Rates derail UK property boom

British house prices fell at their sharpest rate since the recession of the early 1990s in the three months to October, a survey revealed this week — the latest solid evidence that the housing boom in the UK is over.

The Royal Institute of Chartered Surveyors said 41% more of their members were reporting house price falls than rises, pushing down their seasonally adjusted house price balance to -41 in October from -30 in September.

This is the lowest balance since December 1992 when the last British housing market bubble burst, trapping millions of people in negative equity.

The survey is one of the clearest signs yet that five interest rate increases in a year and tough talk from the Bank of England have stopped the rampant British housing boom in its tracks.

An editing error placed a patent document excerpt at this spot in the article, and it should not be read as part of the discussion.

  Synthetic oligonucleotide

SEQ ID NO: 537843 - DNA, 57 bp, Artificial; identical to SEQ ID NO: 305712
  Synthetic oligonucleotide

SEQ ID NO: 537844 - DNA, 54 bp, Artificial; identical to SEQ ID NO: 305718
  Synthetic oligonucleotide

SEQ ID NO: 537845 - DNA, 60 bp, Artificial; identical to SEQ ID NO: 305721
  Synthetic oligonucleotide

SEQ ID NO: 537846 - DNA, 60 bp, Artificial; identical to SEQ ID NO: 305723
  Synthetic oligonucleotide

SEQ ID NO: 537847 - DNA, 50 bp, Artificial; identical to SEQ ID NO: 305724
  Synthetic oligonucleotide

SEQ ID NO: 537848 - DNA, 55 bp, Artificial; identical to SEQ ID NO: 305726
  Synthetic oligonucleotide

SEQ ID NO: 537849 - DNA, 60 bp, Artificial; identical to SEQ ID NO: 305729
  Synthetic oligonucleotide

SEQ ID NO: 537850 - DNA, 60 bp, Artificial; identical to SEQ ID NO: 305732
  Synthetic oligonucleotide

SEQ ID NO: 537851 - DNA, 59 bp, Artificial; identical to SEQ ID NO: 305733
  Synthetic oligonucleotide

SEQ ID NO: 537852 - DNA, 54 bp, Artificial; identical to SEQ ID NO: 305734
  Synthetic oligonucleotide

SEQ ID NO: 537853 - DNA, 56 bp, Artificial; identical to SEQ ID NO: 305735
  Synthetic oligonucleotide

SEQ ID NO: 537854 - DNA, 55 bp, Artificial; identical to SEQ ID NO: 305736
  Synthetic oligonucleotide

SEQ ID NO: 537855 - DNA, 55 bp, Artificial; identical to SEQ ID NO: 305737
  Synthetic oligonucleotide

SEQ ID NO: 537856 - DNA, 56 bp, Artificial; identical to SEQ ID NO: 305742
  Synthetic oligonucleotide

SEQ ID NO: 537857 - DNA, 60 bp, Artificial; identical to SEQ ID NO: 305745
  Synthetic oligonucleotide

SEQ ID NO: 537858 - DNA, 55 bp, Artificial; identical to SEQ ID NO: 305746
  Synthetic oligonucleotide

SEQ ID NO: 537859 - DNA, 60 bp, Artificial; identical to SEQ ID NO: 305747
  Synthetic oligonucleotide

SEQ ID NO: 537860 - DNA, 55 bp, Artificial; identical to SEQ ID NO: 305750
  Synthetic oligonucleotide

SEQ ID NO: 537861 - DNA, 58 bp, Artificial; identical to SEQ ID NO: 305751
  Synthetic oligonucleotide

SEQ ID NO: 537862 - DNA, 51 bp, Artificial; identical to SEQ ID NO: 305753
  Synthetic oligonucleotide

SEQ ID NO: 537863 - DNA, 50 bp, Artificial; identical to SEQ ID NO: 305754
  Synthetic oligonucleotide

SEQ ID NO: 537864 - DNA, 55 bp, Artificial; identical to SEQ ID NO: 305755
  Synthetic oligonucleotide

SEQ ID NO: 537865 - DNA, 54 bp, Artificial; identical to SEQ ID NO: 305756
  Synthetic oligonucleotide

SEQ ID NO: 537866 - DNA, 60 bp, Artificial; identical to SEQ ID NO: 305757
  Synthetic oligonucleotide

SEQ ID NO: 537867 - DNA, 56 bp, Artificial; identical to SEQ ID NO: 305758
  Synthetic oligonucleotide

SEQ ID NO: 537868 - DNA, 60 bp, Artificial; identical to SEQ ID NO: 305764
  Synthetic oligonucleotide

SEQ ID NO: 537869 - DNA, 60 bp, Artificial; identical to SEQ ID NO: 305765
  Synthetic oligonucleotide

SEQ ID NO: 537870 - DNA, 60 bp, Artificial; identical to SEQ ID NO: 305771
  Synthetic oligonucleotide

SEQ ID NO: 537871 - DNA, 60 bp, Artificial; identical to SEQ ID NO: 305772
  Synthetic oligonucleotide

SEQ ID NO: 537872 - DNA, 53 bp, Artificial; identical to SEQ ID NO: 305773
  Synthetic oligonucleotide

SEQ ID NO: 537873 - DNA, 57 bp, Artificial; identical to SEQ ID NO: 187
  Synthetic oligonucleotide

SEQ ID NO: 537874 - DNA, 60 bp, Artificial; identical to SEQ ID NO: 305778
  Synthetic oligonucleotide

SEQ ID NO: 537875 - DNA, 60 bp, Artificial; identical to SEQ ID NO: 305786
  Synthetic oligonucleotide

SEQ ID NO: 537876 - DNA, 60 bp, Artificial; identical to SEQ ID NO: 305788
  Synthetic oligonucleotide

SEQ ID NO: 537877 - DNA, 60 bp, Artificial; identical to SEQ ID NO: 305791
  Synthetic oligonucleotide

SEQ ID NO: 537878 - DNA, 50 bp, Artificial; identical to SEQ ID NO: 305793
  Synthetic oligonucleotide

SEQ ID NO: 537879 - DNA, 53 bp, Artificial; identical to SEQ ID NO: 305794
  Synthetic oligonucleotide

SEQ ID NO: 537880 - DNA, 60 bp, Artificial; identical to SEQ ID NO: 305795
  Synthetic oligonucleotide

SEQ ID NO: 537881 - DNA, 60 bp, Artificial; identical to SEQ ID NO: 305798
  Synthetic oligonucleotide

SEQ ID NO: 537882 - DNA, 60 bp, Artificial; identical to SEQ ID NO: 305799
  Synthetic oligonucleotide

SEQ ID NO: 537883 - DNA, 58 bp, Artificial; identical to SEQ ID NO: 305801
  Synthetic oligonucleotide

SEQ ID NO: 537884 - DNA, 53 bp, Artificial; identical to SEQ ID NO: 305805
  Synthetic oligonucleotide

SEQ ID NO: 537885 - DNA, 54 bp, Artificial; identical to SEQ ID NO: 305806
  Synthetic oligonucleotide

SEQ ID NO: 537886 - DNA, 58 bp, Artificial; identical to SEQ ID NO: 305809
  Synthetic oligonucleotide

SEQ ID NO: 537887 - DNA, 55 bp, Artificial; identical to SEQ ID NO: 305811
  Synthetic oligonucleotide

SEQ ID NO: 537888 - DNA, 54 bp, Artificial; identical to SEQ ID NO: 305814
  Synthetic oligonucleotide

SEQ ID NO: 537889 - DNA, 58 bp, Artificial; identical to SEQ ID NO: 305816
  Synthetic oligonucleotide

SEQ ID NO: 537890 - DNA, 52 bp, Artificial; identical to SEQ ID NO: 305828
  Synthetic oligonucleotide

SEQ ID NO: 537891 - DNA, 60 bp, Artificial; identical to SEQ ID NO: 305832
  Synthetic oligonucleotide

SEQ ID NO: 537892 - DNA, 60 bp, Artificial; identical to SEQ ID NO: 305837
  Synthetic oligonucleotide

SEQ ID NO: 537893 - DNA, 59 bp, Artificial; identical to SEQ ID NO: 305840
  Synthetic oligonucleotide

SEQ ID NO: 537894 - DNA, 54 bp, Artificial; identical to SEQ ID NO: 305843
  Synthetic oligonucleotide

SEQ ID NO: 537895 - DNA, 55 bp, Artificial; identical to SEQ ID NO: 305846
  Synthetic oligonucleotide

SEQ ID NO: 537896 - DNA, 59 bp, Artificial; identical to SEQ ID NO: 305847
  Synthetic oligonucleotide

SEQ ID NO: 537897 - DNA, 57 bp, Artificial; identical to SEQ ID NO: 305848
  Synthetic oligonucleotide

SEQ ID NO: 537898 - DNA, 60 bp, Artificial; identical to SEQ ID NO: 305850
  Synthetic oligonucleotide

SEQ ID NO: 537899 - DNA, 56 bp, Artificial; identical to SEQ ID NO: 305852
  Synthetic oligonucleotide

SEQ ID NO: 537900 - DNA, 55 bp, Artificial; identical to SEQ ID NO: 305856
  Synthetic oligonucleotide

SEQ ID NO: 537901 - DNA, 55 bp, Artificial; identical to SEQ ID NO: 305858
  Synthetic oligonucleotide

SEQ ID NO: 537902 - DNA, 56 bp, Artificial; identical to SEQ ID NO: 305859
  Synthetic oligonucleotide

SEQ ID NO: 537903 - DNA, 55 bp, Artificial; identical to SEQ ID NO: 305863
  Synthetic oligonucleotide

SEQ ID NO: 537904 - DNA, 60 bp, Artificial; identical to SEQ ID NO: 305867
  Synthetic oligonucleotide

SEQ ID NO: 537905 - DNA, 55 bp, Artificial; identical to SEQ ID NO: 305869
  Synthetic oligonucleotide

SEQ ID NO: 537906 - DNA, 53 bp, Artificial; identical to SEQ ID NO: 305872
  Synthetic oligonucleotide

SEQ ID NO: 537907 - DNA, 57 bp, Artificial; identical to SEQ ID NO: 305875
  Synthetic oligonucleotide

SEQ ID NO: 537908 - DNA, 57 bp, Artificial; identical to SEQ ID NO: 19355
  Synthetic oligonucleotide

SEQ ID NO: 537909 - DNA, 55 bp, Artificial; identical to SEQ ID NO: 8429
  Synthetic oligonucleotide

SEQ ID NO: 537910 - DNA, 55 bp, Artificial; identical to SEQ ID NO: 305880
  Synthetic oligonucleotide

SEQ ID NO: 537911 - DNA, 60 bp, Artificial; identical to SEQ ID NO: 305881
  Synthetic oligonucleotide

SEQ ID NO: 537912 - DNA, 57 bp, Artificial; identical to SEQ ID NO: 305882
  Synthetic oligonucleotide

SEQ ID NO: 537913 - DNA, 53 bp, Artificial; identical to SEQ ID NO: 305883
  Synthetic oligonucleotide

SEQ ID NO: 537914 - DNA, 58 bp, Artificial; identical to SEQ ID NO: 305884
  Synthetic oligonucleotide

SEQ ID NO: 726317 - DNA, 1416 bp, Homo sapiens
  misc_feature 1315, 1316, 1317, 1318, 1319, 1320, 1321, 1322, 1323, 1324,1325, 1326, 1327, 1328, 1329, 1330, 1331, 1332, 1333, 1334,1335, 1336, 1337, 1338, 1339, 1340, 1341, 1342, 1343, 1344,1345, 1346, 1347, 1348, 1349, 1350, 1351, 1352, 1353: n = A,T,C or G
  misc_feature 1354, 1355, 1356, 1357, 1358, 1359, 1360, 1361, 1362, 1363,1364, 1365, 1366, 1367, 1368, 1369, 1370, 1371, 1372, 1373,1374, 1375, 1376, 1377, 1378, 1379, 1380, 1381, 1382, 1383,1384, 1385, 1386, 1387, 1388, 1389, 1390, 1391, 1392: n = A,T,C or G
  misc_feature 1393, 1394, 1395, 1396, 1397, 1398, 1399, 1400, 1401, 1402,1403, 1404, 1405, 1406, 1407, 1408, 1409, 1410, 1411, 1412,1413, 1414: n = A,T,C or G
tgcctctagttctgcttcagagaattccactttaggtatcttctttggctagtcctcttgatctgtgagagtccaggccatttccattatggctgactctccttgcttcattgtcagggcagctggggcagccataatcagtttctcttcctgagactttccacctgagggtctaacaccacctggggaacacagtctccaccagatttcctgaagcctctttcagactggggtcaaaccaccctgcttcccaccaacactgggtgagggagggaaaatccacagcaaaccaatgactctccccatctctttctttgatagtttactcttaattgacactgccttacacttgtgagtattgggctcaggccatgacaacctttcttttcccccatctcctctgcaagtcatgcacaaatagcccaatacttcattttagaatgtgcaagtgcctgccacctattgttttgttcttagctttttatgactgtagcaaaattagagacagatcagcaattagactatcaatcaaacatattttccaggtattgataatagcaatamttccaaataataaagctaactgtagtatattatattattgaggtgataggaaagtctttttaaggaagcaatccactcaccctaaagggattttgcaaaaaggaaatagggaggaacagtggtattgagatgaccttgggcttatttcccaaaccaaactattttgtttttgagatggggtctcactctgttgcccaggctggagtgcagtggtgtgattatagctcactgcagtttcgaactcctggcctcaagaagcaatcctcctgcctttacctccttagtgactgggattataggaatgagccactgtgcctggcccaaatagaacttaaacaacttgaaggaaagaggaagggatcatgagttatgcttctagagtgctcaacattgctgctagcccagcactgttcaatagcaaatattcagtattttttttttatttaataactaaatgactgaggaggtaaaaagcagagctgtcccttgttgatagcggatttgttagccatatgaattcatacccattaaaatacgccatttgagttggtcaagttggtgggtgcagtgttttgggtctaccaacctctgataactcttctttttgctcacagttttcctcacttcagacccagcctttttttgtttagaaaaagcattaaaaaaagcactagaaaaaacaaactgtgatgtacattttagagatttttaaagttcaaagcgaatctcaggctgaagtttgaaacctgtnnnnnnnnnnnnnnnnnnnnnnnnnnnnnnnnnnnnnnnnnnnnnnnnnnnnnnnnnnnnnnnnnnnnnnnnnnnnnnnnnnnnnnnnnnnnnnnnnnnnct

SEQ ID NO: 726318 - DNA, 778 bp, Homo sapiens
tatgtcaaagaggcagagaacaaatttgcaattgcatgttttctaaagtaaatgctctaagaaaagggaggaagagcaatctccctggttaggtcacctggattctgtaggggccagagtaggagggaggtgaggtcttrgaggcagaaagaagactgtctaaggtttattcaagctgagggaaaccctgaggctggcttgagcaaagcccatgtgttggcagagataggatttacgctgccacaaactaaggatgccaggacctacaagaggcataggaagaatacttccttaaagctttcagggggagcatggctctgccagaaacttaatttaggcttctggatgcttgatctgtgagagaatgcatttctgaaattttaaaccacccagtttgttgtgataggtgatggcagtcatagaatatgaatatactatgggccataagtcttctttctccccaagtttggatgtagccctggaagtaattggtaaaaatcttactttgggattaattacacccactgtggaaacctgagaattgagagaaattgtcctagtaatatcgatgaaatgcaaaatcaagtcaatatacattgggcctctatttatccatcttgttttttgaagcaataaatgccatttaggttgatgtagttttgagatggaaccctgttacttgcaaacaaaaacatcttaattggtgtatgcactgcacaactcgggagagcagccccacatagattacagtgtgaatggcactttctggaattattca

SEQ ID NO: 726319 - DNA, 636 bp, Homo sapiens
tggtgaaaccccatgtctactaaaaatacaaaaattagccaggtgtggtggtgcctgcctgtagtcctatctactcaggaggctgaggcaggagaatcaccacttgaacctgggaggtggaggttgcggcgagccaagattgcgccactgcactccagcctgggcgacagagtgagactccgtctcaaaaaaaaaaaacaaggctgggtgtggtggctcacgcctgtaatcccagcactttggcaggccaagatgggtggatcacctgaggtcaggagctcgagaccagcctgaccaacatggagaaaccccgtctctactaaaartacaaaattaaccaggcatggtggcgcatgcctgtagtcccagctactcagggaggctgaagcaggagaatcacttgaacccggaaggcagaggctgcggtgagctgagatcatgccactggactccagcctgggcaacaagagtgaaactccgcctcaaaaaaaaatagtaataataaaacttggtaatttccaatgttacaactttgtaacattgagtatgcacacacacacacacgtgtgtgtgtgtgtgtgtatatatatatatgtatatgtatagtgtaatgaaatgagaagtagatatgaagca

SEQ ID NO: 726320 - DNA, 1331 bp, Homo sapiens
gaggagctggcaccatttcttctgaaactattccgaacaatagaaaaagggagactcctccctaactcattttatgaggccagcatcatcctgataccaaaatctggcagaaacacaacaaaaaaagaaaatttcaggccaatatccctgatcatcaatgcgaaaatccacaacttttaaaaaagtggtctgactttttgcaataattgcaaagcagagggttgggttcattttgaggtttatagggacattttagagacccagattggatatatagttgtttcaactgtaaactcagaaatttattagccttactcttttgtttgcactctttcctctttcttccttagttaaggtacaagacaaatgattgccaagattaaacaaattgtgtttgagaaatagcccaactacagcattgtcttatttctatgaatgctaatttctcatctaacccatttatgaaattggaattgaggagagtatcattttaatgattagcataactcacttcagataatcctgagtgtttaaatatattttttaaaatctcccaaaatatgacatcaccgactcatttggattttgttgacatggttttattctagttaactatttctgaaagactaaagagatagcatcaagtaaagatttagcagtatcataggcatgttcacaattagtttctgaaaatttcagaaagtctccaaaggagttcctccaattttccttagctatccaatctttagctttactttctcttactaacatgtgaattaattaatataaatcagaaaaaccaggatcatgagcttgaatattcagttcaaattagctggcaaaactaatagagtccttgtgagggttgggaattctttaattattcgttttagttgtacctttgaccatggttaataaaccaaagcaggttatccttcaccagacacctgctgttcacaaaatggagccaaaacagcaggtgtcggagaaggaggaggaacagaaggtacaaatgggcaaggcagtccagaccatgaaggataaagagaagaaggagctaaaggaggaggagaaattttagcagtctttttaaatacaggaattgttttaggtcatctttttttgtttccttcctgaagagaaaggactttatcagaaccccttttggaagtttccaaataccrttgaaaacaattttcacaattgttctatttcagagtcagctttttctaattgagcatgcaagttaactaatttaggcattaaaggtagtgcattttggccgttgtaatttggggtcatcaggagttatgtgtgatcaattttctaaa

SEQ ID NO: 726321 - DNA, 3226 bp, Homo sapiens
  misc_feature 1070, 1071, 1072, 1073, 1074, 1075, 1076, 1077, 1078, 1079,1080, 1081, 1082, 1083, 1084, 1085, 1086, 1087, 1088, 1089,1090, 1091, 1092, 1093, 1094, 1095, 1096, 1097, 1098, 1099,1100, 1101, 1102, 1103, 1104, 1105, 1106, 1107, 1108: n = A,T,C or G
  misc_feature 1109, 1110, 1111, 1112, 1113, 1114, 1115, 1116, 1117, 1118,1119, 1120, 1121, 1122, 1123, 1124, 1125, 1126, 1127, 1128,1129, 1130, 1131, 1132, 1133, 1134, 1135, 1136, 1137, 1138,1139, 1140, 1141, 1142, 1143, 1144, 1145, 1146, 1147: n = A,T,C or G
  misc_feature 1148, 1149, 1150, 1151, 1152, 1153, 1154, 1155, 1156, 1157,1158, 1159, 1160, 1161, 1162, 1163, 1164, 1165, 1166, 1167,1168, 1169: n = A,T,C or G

The number of new buyers also fell sharply and the number of sales were down by a whopping 25% over the past year to their lowest level in nine years.

“Additional uncertainty has been injected into the market by continued speculation over the potential for more serious declines in prices,” the report said. British house prices have experienced double-digit inflation since the late 1990s, which has more than doubled the average price of a home. They are a closely watched indicator in a country where two-thirds of households own their home.

Article by: Staffer - www.netassets.co.za